RogerBW's Blog

The Last Ship, William Brinkley 18 March 2014

After the total nuclear war, the captain of a missile destroyer leads his crew through the irradiated world and towards a new life.

I am going to talk about plot details, so if you care about not knowing that sort of thing you probably shouldn't read this review.

This book is from 1988, but the immediate comparison it invites is with Nevil Shute's 1957 novel On the Beach, which I re-read last year. In this version of the end of the world, at least a tiny bit of humanity can survive.

The major problem with this book is that it's terribly long-winded. I haven't met any American destroyer captains, but I should be surprised if they were as a class so prolix and prone to use of words like "liquescent" and "caliginous" as this narrator. The result is that while exciting things happen, they take an awfully long time to do it; in particular, since the bulk of the action is referred to in the first section and then told in flashback, this is a book with very few surprises. Every major plot element is heavily foreshadowed, and can be seen coming so far in advance that it loses much of its power.

On the other hand, some of the descriptive sections do work well, and the description of the ship's passage across the equator as a localised nuclear winter sets in is particularly effective.

The narrator reflects very extensively on the nature of the female crew and their role on the ship, quite separately from (or at least prior to) any considerations of "repopulating the world". This may have been more relevant in 1988 than it is now; it comes over to me as more creepy and gynolatrous than anything else.

There's also an awful lot of Dune-style annotated conversation: someone says a sentence of a few words, and the narrator spends a paragraph mulling over its hidden meanings. This sort of thing is an easy target for parody (Langford did it well), and while I can see that Brinkley's trying to portray a captain judging the mood of his men he never quite pulls it off.

It doesn't help my suspension of disbelief that a significant plot point deals with the refuelling of the (nuclear-powered) ship (and of a Soviet missile submarine). Your humble blogger is unfortunately aware that the refuelling of ships of these types is absolutely not something that could be conducted by the crew without facilities: they're full-scale dockyard jobs, involving major surgery to the hull and taking months or years, and such hard work that more recent nuclear-powered warships have been deliberately designed never to undergo refuelling but to have reactors that will last the full twenty-plus-year life of the ship. A suggestion buried deep in the book that these ships have been designed in the opposite direction, for ease of refuelling by unskilled crew, simply breaks plausibility for me.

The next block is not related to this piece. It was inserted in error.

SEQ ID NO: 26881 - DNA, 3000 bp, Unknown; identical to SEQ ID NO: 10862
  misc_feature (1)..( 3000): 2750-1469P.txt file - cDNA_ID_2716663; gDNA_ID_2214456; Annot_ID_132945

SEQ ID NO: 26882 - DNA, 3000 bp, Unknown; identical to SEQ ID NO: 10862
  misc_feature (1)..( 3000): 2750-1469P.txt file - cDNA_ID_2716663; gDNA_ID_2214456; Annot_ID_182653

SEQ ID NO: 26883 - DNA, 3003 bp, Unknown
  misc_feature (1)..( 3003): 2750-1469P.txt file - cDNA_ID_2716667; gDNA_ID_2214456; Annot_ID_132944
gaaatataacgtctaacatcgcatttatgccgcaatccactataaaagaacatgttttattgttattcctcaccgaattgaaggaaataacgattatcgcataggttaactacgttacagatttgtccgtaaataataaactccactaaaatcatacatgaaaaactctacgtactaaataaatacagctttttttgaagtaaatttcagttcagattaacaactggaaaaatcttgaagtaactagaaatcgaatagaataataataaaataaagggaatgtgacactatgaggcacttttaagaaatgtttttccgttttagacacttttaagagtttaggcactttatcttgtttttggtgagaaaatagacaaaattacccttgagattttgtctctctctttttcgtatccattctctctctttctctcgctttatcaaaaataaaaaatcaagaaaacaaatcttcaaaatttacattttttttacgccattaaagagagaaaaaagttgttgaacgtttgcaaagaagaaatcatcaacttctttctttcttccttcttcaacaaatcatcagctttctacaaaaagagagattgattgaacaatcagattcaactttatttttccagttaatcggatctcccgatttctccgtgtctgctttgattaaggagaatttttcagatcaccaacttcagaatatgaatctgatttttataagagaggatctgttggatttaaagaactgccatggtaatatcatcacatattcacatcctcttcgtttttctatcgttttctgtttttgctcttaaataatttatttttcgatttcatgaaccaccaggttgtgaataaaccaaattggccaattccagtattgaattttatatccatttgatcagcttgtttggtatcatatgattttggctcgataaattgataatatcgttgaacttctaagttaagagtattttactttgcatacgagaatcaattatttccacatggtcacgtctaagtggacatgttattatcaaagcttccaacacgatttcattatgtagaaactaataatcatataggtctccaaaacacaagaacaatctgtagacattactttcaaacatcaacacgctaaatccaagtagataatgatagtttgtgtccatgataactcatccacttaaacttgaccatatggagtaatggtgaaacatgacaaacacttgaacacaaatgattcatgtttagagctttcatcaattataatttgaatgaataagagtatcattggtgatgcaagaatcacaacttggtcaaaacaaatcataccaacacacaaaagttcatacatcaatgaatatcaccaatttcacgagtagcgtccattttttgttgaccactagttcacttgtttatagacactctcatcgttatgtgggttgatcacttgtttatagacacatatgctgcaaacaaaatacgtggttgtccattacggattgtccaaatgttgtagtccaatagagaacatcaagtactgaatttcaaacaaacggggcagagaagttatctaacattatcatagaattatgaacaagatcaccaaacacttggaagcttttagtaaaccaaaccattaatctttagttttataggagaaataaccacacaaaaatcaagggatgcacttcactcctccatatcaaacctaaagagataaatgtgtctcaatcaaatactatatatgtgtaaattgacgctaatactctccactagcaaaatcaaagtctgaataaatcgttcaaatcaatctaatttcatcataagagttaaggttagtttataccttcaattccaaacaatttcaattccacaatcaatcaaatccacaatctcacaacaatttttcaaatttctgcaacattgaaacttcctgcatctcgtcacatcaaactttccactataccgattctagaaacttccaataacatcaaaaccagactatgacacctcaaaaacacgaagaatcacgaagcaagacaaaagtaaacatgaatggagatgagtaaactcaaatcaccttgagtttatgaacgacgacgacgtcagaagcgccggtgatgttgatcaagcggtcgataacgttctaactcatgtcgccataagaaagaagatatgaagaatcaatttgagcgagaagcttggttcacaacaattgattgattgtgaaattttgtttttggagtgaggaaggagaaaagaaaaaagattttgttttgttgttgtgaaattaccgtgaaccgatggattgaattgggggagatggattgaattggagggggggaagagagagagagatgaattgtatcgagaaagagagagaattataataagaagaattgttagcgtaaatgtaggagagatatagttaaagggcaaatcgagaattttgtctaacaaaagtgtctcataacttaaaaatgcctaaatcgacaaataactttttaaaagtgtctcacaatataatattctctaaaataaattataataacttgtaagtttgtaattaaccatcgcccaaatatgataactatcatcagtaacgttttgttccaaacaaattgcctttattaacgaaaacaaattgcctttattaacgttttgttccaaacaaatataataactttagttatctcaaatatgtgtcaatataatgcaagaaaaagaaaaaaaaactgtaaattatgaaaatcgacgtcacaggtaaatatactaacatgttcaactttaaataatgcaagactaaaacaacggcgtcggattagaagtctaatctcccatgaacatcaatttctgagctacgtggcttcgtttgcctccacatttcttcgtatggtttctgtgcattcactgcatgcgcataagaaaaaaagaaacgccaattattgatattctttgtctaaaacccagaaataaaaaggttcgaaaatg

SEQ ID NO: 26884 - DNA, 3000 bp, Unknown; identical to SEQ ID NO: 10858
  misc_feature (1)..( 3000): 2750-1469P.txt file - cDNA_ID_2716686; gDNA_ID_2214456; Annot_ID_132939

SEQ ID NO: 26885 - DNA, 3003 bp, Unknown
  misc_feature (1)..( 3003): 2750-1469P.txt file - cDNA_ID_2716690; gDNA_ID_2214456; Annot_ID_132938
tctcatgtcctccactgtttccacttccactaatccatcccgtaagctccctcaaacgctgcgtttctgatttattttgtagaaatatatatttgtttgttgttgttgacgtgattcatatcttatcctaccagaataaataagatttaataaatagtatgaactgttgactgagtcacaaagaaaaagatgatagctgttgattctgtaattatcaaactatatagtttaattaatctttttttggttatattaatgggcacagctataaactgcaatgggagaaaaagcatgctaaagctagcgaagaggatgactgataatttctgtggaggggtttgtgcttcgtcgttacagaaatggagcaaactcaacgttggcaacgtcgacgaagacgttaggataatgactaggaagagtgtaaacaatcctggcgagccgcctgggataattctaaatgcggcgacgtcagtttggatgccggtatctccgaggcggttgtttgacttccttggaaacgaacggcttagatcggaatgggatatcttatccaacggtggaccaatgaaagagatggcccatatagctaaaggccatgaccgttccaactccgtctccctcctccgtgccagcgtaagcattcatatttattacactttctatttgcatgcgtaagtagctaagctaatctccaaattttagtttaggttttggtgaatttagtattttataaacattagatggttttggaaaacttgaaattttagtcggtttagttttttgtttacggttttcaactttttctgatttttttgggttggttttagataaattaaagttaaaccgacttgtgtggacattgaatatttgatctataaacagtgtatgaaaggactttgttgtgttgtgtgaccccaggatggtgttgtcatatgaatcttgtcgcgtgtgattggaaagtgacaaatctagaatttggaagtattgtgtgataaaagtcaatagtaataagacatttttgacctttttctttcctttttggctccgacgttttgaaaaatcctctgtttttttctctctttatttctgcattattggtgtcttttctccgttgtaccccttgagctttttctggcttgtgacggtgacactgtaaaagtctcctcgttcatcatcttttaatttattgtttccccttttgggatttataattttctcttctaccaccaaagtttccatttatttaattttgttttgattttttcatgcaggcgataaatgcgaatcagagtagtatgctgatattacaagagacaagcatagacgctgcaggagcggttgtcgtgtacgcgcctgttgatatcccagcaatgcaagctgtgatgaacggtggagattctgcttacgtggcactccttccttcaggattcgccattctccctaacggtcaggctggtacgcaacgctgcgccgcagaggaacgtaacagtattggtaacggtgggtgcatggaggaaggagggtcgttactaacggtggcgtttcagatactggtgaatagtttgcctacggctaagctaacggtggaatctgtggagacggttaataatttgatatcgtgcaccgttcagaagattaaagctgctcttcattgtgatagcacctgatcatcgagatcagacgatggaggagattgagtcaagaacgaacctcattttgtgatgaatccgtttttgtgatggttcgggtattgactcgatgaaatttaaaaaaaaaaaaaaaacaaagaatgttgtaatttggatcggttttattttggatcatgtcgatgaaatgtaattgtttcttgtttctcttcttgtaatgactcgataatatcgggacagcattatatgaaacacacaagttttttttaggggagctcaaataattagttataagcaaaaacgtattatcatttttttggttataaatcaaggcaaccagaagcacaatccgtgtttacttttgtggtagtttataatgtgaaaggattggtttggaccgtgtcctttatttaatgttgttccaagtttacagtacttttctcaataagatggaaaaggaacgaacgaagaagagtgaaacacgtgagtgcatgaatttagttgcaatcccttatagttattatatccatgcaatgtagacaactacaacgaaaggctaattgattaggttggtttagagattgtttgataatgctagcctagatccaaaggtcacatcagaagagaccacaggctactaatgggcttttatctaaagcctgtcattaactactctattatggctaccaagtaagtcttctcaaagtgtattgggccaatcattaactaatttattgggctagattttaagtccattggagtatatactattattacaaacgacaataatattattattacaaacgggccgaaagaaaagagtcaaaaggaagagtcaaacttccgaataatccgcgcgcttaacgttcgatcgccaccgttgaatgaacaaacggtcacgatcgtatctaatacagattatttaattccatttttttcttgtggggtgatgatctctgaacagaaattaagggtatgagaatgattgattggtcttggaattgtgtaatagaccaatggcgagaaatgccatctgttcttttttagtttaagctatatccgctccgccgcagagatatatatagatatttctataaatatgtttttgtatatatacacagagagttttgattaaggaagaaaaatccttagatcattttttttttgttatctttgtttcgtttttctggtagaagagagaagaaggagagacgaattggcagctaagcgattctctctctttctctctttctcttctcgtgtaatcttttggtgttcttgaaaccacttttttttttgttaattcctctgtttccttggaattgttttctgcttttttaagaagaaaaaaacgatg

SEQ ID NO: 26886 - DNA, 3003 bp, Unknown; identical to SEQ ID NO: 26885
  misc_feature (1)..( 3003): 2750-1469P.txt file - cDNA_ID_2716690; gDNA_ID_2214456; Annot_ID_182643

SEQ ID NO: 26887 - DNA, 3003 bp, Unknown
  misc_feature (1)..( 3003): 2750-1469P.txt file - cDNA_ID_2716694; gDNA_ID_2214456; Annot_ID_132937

Similarly, the author clearly thinks he's been terribly clever in designing that Soviet submarine to operate through Arctic ice (in exactly the same way as the Improved Los Angeles that was being built while this book was being written), whereas this capability had been a design feature of all Royal Navy submarines for some years before that.

So although this book carries some of the trappings of the technothriller, with lots of talk about specific types of missile and so on, the research is lacking and it all comes out rather thin. This is far more a psychological study than anything else. Unfortunately, in the end, it's so protracted and foreshadowed that it forgets to be engaging.

Apparently there's a television series of this name coming out this summer. As far as I can see, it shares with this book only the name of the captain.

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  1. Posted by Michael Cule at 09:33am on 18 March 2014

    'Gynolatrous'? A new word! I learned a new word! Today is not entirely without merit!

    And I have acquaintances who would regard gynolatry as de rigeur...

  2. Posted by John Dallman at 06:54pm on 19 March 2014

    Operation through ice has always been a standard feature of Soviet/Russian missile subs. And most US ones before the Los Angeles class.

    Designing a reactor to be easy to refuel is going to be expensive in the rarest of all currencies aboard a sub: space.

    This chap just keeps digging, doesn't he?

  3. Posted by RogerBW at 12:25am on 20 March 2014

    My guess is that he wanted to write a psychological book about the end of the world, and wasn't really terribly interested in the technology, which is fair enough; but for whatever reason he felt the need to insert vaguely plausible-sounding technothriller-ish passages. (To appeal to Tom Clancy fans? Because that sort of story has to be to some extent about what you can do with the resources you have, and the ship's capabilities are among those resources?)

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